Briton Johanna Konta’s hopes of a first Wimbledon final ended with a straight-set semi-final defeat by five-time champion Venus Williams.
The 37-year-old American 10th seed played superbly to win 6-4 6-2 on Centre Court and set up a final against Spain’s Garbine Muguruza.
Sixth seed Konta, 26, had hoped to become the first British woman in a Wimbledon singles final since 1977.
“It was very difficult for me to get a good foothold in the match,” she said.
“The few opportunities that I did get, she did incredibly well to take them away from me.
“I don’t think I did too much wrong out there. I think it was all credit to her.”
Konta will at least break into the world’s top five for the first time in the next rankings.
Virginia Wade, the last British woman to win the title 40 years ago, said: “Maybe 41 years will be her number.
“It was sad she couldn’t come through in an anniversary year, and it’s so long since we had a winner, but I think next year she could make it, or make it to the final and progress that little bit more.”
Williams is the oldest Grand Slam singles finalist since Martina Navratilova finished runner-up at Wimbledon in 1994.
The American, through to her ninth final, won her first Wimbledon title in 2000 and the most recent of her seven major victories came on Centre Court in 2008.
“I’ve played a lot of finals here,” Williams told BBC Sport. “One more win will be amazing. It won’t be a given but I’ll give it my all.”
She will next face Muguruza, the 14th seed, who thrashed unseeded Slovakian Magdalena Rybarikova 6-1 6-1 in just 64 minutes to advance to her second Wimbledon final.
The Spaniard finished runner-up to Serena Williams in 2015, before beating the American to win the French Open in 2016.
‘The crowd were very nice to me’
In a tight contest between two of the best servers in the game, Williams worked her way to victory with smarter serving and more effective returns.
The American, playing her 20th Wimbledon, showed all her experience to edge out Konta and end British hopes in this year’s singles events.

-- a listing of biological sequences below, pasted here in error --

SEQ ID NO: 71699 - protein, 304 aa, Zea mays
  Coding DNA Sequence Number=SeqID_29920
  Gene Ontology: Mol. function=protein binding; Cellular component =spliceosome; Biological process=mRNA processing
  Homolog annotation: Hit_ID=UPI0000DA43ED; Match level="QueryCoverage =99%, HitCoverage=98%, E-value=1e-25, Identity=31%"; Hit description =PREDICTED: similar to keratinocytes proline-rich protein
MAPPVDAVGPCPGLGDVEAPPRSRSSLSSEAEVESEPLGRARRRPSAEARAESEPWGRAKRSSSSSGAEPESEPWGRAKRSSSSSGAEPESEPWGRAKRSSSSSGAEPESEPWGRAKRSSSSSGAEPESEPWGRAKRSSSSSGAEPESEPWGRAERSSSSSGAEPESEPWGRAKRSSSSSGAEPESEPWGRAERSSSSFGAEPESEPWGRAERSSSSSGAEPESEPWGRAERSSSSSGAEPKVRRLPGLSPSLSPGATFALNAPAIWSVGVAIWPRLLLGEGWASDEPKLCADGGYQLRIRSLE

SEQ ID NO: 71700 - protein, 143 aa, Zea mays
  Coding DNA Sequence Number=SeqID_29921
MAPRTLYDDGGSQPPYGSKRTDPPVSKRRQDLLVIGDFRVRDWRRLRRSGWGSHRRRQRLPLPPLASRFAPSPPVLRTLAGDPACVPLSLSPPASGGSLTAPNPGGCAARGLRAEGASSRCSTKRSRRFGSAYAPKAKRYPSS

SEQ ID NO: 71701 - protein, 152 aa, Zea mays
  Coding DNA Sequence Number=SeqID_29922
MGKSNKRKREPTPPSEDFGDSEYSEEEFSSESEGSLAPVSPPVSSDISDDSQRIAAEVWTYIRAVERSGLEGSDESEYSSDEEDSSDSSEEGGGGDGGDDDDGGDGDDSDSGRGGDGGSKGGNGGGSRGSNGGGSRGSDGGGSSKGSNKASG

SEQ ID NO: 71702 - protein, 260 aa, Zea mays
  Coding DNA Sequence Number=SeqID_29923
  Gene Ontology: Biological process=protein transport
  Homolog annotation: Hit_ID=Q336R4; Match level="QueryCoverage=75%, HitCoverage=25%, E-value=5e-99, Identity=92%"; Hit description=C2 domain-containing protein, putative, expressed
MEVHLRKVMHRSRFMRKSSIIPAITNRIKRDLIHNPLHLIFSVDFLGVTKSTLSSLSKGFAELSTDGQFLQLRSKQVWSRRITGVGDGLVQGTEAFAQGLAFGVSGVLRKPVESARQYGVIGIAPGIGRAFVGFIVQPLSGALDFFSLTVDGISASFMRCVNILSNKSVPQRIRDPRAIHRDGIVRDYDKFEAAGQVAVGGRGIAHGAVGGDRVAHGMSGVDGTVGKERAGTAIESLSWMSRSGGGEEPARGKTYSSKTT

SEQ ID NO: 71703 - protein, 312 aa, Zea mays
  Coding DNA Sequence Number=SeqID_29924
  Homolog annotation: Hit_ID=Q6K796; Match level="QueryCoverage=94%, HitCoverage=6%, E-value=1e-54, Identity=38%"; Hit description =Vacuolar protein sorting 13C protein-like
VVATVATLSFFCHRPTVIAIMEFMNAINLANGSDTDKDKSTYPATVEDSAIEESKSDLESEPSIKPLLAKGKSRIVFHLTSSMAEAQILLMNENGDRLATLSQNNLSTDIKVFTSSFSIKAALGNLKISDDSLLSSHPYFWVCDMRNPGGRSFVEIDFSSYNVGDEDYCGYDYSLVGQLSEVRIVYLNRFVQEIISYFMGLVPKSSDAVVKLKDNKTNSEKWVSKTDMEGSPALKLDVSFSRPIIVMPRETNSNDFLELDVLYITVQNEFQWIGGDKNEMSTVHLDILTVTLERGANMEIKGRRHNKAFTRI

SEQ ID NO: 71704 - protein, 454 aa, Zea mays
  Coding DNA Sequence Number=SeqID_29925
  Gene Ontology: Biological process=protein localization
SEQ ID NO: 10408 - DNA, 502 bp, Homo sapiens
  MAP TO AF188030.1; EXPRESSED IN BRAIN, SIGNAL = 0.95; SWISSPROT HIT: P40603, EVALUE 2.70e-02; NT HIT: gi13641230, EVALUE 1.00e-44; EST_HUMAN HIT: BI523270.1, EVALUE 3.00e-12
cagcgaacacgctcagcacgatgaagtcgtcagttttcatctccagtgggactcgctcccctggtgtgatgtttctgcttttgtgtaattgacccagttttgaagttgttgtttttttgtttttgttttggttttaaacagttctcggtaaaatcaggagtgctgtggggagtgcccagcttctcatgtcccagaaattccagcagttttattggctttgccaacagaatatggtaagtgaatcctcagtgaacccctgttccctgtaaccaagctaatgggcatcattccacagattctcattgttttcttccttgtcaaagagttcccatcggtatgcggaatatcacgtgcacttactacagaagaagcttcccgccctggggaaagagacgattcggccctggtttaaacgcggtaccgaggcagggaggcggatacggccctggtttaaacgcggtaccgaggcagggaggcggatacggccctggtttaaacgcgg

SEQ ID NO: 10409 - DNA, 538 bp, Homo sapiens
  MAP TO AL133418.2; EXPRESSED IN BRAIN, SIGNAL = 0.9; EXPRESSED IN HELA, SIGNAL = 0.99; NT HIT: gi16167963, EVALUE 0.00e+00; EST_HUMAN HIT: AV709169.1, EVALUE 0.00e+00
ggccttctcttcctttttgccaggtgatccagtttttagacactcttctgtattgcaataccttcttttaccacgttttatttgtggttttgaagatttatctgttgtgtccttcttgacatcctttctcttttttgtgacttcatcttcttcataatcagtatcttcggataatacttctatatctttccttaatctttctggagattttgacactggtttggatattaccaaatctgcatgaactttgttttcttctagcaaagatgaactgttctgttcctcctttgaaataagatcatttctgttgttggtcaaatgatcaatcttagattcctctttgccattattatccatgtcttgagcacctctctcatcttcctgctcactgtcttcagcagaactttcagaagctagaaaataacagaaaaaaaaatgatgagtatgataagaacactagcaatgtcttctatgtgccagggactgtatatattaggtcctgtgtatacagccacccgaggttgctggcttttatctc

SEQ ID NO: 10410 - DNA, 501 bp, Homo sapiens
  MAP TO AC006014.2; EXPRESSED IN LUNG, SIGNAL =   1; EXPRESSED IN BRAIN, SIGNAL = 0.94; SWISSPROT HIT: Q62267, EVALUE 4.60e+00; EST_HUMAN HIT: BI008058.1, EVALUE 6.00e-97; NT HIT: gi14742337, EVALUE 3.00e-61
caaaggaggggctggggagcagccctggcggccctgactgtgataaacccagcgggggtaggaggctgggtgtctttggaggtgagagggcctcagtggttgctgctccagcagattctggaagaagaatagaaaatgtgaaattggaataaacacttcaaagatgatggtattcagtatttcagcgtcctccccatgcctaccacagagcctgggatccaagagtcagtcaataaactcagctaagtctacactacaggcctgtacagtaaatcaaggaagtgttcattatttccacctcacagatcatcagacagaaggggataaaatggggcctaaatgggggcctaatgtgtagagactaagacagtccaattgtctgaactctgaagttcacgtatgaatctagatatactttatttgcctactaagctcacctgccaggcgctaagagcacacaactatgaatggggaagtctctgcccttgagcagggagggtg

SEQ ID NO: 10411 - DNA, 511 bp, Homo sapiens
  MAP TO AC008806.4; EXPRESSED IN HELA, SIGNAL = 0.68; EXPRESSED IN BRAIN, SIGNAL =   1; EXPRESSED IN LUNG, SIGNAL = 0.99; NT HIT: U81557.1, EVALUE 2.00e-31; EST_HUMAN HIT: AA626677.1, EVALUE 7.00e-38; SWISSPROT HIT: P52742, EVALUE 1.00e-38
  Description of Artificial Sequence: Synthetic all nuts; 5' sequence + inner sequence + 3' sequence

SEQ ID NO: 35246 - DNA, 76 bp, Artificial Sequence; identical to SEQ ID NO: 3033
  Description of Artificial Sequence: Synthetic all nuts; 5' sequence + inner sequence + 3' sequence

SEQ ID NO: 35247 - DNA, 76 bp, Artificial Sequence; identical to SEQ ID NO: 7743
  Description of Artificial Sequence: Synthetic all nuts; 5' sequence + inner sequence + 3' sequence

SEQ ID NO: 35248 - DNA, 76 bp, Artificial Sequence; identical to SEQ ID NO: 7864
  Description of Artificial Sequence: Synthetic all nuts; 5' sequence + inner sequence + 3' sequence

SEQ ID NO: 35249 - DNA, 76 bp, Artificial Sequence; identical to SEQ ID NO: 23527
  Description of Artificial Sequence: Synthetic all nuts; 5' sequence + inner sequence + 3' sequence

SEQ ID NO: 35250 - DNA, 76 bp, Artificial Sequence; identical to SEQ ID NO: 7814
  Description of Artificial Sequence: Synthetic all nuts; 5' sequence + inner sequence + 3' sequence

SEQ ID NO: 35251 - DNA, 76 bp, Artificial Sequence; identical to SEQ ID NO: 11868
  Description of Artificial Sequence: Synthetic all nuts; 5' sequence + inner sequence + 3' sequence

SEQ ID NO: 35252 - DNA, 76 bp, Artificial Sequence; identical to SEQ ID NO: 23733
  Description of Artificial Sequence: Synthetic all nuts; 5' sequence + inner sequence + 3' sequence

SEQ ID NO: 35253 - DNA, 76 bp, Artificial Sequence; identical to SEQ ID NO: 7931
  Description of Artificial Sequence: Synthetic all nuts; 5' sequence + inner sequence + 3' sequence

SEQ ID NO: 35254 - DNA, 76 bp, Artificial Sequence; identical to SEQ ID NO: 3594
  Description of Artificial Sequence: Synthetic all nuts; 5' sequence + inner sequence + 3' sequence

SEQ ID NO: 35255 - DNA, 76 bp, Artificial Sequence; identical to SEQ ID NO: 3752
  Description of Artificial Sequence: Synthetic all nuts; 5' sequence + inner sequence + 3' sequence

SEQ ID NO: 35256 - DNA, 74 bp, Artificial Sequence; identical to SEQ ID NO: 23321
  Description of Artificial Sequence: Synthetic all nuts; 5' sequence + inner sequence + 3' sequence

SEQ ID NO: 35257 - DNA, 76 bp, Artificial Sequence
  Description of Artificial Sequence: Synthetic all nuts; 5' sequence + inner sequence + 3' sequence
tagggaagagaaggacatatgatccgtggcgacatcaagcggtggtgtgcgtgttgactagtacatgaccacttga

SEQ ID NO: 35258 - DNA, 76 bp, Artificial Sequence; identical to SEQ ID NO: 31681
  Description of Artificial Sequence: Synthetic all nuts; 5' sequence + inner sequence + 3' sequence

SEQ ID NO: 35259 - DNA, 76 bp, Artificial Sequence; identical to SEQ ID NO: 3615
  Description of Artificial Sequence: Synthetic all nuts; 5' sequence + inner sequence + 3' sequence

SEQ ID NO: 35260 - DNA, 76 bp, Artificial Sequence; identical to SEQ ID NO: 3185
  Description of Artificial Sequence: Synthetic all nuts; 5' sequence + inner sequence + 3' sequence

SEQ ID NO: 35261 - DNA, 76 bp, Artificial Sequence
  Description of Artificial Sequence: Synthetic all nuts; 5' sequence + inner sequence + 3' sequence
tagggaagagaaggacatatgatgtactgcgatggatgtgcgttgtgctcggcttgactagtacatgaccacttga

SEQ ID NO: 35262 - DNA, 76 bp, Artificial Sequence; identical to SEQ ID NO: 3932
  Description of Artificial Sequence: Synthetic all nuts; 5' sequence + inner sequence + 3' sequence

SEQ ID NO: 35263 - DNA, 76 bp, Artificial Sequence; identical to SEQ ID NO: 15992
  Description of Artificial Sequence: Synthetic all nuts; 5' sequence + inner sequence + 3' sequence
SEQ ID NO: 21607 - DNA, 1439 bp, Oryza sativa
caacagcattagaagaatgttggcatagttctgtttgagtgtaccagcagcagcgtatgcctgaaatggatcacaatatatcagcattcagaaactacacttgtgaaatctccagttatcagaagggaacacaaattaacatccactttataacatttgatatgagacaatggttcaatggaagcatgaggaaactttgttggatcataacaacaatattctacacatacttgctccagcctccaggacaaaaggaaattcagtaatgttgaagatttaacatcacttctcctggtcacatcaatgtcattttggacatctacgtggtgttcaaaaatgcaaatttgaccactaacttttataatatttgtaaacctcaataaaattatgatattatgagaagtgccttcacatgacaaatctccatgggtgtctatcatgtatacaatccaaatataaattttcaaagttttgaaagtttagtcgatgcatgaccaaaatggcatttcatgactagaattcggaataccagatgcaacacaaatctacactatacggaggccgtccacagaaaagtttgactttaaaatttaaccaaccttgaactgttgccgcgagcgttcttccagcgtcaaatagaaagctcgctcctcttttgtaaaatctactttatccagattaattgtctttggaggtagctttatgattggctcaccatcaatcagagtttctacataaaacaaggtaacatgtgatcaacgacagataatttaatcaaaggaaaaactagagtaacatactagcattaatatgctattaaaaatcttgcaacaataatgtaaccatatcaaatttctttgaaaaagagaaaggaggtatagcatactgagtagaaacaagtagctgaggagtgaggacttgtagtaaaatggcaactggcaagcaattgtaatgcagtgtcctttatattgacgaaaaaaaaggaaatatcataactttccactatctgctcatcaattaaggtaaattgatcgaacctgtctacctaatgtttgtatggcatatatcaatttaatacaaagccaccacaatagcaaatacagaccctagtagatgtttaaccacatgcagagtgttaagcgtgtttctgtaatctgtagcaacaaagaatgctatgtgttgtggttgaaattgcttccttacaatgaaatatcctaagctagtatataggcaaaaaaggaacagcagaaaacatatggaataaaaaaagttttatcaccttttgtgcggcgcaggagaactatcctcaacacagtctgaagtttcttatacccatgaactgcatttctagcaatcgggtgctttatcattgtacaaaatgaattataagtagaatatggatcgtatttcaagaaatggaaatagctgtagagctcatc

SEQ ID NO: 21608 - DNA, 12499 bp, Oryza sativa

It was Konta under the greater early pressure at 30-30 or deuce in her opening four service games, with Williams standing inside the baseline to attack the second serve, but the Briton calmly played her way out of trouble.
Konta then earned the first two break points of the match at 4-4 but it brought the best out of Williams, who produced a backhand winner, a 106mph second serve and a forehand winner.
The former world number one would carry that momentum through the rest of the match, finding big second serves and aiming at the body to restrict Konta to just 13 points on the return as her forehand in particular leaked errors.
Konta fell 0-40 down to offer up three set points in game 10, firing a backhand long on the second, and Williams got the decisive break at 3-1 in the second.
There was no chink of light on the Williams serve for the home crowd on Centre Court to get excited about, and Konta could only watch as the American arrowed a forehand past her down the line on her third match point.
“The crowd were very nice to me,” added Williams. “The crowd were so fair, I know they love Jo. I think Jo handled the pressure.
“No point was easy. I tried to climb on top and get another point.”
Martina Navratilova, nine-time Wimbledon champion: “Venus served well. The second serve on big points really handcuffed Konta – she didn’t know what was coming her way. And Konta only won 33% of points on her second serve, so Venus was really attacking the second serve. I thought the difference would be return of serve and that’s what did it.”
Tracy Austin, former world number one: “It was the 106mph second serve that saved a break point that really turned the first set around. Johanna really started to miscue on that forehand return early in the first set and Venus picked up on that, started to target that forehand in some of the longer rallies.”
Muguruza ‘stepped up on the court super-confident’
Muguruza strode on to Centre Court with heavy strapping on her left thigh, but appeared anything but restricted as she reeled off the first five games in 25 minutes.
Rybarikova, ranked 87th, went into the match with an 18-1 record on grass this season but the 28-year-old appeared nervous in her first Grand Slam semi-final.
A sympathetic round of applause greeted her first game at 5-1 down.
Rybarikova won just 10 points on serve in the entire set as Muguruza attacked off the return and was confident enough to dominate from the net.
When Muguruza crushed a backhand winner off a 79mph second serve to lead 3-0 with a double break in the second set, Rybarikova was reeling.
There was more appreciation from the crowd when Rybarikova held on in a long service game to get on the scoreboard for just a second time, but Muruguza was in ruthless mood and confidently served out the match.
“I think I played very well, for sure,” said the Spaniard.
“It was a tricky match, she is a very talented player. She was playing very good during the tournament and I think today I stepped up on the court super-confident, and everything went well.”
Tracy Austin, former world number one: “Muguruza was in the zone. That was one of the matches you train all your life for, and for it to happen in the semi-final of Wimbledon – she was in a dream. Rybarikova was just rushed the whole time. But complete focus and a great game plan from Muguruza.”